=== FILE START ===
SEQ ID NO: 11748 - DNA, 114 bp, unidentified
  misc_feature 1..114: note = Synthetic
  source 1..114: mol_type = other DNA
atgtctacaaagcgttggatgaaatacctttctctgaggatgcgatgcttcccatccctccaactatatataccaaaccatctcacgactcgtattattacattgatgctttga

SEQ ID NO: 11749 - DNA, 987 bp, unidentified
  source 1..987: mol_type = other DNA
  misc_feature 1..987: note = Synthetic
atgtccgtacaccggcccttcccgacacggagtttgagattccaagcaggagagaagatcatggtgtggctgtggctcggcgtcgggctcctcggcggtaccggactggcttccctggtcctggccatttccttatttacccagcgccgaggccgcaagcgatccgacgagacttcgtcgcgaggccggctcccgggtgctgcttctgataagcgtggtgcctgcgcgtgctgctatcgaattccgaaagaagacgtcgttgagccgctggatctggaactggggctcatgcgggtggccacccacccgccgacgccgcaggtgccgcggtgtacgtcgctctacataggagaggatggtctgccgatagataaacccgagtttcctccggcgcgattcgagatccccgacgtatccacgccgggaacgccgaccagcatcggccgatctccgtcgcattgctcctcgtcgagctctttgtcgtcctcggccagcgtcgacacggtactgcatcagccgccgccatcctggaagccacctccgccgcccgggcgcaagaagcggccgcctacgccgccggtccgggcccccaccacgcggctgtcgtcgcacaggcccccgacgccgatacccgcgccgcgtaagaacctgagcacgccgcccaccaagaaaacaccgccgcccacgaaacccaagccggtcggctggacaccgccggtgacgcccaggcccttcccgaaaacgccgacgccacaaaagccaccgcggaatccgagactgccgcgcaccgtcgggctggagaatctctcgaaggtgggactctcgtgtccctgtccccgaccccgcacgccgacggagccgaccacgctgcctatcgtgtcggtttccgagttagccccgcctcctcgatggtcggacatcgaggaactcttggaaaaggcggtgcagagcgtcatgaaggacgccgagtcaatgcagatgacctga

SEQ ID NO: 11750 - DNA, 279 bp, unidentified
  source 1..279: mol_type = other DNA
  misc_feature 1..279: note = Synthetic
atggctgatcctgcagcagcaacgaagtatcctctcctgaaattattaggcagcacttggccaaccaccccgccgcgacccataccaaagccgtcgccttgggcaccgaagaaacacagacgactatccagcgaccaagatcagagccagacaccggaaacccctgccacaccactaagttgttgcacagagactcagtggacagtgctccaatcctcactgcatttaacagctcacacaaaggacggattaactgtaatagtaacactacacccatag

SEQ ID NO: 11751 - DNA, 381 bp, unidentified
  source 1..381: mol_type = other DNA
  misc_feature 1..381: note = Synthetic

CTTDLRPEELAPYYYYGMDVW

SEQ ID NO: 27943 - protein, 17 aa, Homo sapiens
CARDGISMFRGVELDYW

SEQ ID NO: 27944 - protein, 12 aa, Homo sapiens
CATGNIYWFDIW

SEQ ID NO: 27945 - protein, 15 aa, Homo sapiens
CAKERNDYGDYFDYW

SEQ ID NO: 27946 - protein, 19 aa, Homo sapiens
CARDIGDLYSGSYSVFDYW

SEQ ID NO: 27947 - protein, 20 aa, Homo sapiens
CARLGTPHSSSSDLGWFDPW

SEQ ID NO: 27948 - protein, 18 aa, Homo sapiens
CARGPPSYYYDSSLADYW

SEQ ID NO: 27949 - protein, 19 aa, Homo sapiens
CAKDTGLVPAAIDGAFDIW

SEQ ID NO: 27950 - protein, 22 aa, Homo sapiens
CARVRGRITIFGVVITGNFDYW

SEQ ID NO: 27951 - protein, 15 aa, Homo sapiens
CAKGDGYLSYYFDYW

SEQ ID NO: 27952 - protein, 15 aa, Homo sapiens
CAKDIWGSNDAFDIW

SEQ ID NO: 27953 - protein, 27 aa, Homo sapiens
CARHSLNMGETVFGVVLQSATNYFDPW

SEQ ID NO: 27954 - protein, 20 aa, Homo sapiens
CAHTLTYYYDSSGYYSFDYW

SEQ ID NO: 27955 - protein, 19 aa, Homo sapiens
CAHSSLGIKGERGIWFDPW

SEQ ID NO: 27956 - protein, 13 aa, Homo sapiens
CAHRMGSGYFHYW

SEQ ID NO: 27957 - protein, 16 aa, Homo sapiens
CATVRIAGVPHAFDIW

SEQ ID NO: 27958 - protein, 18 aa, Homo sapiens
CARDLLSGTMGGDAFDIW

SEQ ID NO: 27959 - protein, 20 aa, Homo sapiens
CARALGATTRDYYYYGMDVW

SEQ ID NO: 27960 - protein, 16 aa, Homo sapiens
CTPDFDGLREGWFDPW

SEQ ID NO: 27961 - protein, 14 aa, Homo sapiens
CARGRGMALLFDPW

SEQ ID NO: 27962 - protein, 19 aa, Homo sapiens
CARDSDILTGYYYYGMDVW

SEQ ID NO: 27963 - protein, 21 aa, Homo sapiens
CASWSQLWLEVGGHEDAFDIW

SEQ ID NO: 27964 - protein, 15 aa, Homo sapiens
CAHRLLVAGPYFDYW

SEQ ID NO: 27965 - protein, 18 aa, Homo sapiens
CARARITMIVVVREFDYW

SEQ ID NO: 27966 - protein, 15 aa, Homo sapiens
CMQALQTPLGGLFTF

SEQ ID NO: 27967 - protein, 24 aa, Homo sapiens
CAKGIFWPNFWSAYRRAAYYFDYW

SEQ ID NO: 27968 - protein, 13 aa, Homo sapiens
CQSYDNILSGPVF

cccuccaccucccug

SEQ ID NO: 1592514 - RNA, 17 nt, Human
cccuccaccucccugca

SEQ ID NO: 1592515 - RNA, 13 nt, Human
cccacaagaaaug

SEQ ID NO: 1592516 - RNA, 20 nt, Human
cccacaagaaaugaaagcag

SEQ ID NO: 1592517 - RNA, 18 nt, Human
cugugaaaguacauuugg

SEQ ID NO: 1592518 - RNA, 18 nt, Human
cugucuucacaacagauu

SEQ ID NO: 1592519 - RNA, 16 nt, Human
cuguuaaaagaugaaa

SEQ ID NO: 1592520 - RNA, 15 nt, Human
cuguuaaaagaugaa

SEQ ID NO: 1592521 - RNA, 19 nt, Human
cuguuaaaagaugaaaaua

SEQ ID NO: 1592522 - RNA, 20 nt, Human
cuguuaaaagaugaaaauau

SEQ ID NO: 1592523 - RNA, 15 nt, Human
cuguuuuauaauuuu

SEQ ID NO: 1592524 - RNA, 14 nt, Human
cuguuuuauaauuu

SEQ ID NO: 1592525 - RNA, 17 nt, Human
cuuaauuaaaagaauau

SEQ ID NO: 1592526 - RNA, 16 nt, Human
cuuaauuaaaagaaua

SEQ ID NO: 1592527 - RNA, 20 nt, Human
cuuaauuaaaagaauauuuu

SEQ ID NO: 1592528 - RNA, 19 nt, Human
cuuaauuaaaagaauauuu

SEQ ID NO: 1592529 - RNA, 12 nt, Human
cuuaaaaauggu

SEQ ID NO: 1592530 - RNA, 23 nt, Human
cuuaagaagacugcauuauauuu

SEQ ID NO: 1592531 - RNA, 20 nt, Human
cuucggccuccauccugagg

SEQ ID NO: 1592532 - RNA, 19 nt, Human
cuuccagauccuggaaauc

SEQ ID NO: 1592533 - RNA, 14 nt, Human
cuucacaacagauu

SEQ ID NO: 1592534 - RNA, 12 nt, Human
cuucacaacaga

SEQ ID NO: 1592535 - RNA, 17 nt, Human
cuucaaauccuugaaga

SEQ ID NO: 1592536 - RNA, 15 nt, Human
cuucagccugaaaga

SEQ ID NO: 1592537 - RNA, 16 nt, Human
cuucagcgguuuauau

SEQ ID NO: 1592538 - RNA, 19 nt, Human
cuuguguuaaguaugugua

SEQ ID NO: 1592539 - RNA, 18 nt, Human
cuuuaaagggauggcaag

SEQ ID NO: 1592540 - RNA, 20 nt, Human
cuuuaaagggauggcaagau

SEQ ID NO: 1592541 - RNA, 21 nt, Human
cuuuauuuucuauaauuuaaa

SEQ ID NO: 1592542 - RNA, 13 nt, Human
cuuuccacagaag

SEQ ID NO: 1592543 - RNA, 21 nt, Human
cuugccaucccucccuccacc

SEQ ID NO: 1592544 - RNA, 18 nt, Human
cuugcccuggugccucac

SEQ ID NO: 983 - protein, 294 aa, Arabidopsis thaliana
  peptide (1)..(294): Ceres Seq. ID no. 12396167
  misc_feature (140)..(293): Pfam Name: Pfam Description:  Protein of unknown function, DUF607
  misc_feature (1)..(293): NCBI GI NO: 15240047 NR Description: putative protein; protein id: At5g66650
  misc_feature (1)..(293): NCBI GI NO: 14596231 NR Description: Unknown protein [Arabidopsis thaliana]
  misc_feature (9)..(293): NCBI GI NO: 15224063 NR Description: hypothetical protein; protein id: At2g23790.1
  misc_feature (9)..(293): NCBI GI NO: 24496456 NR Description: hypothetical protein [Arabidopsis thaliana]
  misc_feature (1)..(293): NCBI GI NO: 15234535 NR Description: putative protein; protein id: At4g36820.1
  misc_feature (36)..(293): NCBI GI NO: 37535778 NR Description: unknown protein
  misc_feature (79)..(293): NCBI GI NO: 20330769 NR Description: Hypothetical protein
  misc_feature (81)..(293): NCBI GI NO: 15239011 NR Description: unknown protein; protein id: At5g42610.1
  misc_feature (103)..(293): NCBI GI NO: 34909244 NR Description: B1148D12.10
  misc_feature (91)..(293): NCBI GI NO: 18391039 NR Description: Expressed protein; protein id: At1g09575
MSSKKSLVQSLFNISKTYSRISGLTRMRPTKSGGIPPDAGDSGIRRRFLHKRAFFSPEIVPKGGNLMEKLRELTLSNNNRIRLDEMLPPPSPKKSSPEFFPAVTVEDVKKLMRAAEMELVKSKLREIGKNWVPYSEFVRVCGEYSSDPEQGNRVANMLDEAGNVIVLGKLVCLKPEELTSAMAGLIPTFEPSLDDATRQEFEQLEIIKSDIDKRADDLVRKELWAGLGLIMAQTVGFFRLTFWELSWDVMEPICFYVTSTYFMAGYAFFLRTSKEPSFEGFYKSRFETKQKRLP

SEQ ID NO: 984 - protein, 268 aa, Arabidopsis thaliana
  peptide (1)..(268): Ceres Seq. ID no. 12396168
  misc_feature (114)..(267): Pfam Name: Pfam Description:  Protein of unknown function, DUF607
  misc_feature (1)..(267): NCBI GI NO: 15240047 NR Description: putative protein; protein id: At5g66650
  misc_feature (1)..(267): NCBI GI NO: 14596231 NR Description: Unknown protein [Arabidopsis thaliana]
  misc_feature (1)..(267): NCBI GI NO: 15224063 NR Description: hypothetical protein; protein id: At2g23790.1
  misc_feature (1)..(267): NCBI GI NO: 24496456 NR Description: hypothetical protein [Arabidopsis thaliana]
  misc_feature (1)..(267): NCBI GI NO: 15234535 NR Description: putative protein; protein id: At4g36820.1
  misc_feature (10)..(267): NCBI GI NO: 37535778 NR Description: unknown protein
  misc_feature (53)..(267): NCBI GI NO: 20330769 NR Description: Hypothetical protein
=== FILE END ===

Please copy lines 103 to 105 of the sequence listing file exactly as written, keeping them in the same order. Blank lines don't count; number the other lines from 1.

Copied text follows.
cuuaagaagacugcauuauauuu

SEQ ID NO: 1592531 - RNA, 20 nt, Human
cuucggccuccauccugagg